Growth | July 2016 | By Nicole Duncan

Viva Rio?

Long a marketing platform for only a select few in the foodservice industry, the Olympics are evolving—and so are the tactics to capitalize on them.
The Olympics present opportunities, challenges for more brands.
The 2012 Summer Olympics in London closed with a spectacle that included handing the reins to Rio de Janeiro for this year’s games. flickr / cloudzilla

Say what you will about Americans’ relative indifference to international sports, but the excitement ahead of the Olympic Summer Games, held this year in Rio de Janeiro, Brazil, is palpable. The 2012 London Olympics were the most watched television event in U.S. history, with 219.4 million viewers. The 2008 Beijing and 1996 Atlanta games took the second and third places, respectively.

There’s no doubt that, with billions of eyeballs watching the games globally and millions in the U.S., the Olympics represent a rare opportunity for partner brands to gain valuable exposure. But Olympics promotion has diversified over the years, and the opportunities available to brands in leveraging the Games are varied.

Here’s a look at how food brands are gearing up for this year’s Olympic Games.

The evolution of big sponsorship

For decades, the Olympics have tightly controlled those brands that can formally ride the Games’ coattails as event sponsors.

But the upcoming Rio Olympics are changing the advertising landscape. Under new International Olympic Committee (IOC) rules, companies not affiliated with the Olympics or sponsors can apply for special waivers, allowing them to run ads featuring Olympic athletes without paying the sponsorship premium. Technology has also changed the game. Compared with the London Olympics only four years ago, the world has become even more connected, with mobile activation playing a key role in any successful campaign.

Given these changes, even long-established Olympic sponsors have been forced to evolve to reach consumers and stay relevant. McDonald’s will mark 40 years of Olympic involvement at the 2016 Rio Games. For the first 20 years, the burger giant was a U.S. Olympic Committee (USOC) sponsor, but, beginning with the Atlanta Olympics in 1996, McDonald’s moved to the top slot as an international sponsor. As with all long-term partnerships, both parties have changed and adapted over the decades.

“Obviously, our business has changed, the Olympics has changed, the world has changed in those 40 years,” says John Lewicki, who heads the sports marketing group at McDonald’s and has been involved with the brand’s Olympic involvement for 20 years. “We are actually now a sponsor of every [National Olympic Committee] in the 120 countries that we do business in, so we can leverage that activity on an ongoing basis.”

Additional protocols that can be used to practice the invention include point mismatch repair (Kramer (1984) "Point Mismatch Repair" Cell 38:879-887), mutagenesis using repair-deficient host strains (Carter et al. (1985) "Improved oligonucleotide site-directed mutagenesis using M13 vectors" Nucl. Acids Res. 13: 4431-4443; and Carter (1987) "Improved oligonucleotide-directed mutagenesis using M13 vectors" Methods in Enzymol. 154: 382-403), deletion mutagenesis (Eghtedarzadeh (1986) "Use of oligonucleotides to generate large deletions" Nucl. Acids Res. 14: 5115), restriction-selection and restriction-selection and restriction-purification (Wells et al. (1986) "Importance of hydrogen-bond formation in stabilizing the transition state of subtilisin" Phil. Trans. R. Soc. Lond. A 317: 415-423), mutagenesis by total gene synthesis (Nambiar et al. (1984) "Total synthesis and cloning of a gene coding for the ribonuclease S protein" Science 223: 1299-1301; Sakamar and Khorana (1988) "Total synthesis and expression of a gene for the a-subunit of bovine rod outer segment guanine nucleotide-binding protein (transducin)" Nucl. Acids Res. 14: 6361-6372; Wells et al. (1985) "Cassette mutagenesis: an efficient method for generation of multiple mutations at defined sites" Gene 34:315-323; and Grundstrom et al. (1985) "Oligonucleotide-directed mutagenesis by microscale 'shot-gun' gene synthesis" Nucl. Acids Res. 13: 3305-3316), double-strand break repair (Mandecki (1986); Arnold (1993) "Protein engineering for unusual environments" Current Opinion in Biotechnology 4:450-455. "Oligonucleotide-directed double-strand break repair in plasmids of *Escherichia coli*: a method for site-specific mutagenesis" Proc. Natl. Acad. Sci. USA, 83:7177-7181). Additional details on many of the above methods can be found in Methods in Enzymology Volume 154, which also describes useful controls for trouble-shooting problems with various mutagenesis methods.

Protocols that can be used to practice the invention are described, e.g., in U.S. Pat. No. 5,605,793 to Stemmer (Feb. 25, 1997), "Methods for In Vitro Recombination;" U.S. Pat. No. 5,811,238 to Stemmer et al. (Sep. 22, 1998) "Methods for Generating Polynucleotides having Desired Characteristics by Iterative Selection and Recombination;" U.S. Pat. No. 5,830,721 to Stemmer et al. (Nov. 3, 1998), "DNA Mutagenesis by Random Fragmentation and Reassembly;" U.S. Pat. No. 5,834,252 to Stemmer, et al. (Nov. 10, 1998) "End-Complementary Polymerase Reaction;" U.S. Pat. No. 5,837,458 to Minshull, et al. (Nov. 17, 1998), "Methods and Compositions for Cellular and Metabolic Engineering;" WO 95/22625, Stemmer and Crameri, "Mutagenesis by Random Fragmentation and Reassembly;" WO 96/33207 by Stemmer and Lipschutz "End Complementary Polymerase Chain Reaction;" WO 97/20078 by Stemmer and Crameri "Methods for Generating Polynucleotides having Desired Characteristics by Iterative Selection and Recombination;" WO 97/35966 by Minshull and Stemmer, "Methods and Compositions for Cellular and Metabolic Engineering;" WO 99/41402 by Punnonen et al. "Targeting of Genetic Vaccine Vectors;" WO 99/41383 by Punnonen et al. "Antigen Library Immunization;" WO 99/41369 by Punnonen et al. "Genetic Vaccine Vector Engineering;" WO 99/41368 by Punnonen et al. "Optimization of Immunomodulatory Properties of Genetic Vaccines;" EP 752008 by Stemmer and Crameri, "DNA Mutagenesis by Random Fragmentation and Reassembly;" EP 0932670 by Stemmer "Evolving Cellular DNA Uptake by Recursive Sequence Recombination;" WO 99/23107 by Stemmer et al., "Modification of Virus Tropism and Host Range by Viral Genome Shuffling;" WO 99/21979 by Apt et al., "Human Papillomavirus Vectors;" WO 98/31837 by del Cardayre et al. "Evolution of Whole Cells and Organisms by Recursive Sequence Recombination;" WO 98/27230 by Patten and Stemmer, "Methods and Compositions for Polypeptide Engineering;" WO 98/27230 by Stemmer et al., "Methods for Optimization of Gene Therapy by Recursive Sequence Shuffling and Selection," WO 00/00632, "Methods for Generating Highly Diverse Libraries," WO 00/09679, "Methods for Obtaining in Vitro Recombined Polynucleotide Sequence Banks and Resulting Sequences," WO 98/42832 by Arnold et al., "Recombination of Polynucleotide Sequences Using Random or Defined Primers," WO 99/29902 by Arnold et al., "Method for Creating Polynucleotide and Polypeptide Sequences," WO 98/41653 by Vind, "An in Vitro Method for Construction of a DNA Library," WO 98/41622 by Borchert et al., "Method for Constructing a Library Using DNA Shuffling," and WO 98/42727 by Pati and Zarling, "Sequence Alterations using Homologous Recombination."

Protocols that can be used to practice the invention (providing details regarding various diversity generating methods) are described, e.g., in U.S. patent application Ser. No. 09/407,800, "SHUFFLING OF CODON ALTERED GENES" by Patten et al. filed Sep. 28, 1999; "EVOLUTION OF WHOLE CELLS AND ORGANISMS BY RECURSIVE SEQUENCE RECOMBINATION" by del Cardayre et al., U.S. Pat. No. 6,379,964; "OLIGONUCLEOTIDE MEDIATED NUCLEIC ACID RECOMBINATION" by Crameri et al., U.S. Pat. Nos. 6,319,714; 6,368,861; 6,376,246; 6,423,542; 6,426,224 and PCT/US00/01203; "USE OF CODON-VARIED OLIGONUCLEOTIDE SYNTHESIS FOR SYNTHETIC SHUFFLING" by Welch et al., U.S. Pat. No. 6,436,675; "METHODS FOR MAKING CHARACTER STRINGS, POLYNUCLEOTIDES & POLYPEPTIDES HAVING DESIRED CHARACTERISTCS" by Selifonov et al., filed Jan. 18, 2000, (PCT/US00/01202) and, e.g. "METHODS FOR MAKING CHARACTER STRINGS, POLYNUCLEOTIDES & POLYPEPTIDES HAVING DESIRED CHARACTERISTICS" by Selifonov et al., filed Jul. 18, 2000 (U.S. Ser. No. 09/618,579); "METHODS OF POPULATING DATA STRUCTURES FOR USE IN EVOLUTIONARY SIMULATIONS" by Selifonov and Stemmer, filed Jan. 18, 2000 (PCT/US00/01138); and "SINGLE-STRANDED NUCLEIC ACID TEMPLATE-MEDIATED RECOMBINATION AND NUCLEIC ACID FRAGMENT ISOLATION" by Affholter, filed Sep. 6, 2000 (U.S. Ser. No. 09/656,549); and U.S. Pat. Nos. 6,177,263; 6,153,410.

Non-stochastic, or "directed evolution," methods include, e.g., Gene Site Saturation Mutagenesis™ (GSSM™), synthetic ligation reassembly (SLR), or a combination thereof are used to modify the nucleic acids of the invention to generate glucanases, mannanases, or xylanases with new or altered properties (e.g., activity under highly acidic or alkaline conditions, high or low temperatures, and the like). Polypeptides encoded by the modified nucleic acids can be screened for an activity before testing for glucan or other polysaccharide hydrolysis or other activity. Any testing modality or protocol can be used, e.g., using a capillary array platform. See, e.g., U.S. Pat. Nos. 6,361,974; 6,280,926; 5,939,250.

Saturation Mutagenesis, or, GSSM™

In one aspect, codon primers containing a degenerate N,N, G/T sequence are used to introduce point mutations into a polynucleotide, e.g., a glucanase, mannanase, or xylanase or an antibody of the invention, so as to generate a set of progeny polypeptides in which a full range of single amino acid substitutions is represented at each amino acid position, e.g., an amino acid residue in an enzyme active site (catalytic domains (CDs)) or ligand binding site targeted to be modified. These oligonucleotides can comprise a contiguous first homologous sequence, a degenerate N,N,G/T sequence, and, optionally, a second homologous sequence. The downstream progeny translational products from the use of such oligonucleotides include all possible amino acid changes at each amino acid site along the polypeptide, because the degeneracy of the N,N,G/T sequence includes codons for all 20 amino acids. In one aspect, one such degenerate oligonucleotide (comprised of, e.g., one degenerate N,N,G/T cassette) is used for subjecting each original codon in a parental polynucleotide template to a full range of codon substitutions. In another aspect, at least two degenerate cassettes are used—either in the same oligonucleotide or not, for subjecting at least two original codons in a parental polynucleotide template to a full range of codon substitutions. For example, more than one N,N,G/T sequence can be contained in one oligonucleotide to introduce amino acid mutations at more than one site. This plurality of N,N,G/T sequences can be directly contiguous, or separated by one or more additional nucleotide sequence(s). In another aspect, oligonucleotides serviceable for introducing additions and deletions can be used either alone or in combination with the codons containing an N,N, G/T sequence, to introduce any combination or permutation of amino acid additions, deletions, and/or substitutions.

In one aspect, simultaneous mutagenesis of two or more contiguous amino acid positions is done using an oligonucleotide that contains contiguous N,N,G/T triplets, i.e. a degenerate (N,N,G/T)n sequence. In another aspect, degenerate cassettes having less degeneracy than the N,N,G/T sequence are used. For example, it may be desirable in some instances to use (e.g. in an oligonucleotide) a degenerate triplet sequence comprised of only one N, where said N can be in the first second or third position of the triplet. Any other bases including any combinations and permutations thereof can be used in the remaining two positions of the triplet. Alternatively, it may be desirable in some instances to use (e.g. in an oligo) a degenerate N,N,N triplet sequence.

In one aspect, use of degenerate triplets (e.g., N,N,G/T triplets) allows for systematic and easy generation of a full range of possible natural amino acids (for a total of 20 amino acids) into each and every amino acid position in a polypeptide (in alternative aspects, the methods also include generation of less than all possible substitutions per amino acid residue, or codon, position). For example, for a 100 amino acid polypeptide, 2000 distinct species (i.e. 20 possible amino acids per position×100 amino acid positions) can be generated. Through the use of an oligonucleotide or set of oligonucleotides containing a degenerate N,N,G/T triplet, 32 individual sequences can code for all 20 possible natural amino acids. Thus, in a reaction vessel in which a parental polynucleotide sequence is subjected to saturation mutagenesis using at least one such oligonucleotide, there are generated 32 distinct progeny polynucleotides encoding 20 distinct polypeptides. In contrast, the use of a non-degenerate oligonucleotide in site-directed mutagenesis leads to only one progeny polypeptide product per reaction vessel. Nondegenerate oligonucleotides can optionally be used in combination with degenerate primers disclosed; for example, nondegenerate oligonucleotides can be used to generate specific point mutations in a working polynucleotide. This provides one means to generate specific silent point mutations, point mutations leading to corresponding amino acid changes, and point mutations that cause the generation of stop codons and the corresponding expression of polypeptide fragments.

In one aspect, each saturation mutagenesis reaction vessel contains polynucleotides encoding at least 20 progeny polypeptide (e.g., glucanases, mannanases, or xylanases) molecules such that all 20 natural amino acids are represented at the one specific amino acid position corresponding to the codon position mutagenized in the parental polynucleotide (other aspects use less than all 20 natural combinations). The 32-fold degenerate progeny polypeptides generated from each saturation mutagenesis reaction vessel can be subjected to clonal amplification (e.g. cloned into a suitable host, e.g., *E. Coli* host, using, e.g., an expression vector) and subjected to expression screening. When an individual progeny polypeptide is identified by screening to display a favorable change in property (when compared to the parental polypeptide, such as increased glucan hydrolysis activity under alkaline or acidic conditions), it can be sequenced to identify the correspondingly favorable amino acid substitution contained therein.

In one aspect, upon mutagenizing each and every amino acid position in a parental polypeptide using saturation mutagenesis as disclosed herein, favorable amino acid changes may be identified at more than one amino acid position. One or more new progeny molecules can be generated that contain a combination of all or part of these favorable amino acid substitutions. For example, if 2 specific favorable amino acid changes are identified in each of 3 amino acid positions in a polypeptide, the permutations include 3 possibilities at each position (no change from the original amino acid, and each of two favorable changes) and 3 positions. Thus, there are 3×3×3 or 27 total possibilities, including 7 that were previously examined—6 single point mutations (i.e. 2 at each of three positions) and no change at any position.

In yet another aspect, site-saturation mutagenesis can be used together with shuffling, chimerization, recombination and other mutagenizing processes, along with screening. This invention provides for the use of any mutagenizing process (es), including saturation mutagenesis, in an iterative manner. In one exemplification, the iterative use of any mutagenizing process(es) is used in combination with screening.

Lewicki says that in the early years, when McDonald’s was exclusively a U.S. sponsor, it focused more heavily on promotions and in-store activities. Now,

as its reach has broadened, so has its approach. On the ground, McDonald’s will serve athletes, media, and spectators in Brazil with specials unique to the host country, like pão de queijo (small, baked cheese balls).

On the global scale, the brand is less concerned with limited-time offers and new menu items. Instead, McDonald’s is hoping to engage its customers the world over by turning the spotlight on its core values.

“Family business is a very important part of our business. We’re a family brand, and kids have always been at the center of who we are as a brand,” Lewicki says. “The Millennial audience is growing up, and they’re having kids. … We’re wanting to make sure that we continue to hit the core values of the Olympics as they match up to us but also are relevant to today’s consumers.”

Since the Beijing Olympics in 2008, McDonald’s has sent children from its markets around the world to the Olympics. It has also extended a similar program to its partnership with FIFA, the international soccer federation. During the most recent World Cup two years ago, 1,408 children descended on Brazil to serve as “player escorts.” Before the start of each game, children paired with players and accompanied them onto the field.

This participatory approach, also known as experiential marketing, is gaining in popularity by inviting audiences to take part in brand experiences.

David Berkowitz, principal of the consultancy Serial Marketer, thinks the Olympics offer a one-of-a-kind way for brands to engage with their consumers. He also recently penned the VentureBeat article “7 Ways Brands Will Get Attention at the 2016 Olympics,” which details possible opportunities for exposure during the games.

“Most marketers will focus on everyone watching at home, because that’s where the scale is. But any marketer deeply involved with the Olympic Games will do well to try to stand out with the passionate group of consumers, as well as athletes at the game,” Berkowitz says via email. “Experiential marketing is so hot right now.”

In Rio, the McDonald’s Olympic Kids Program will up the ante once again with 100 children from around the world not only attending the event, but also participating in the opening ceremony. (At press time, Lewicki says McDonald’s and the IOC are still working out the logistics of this event.)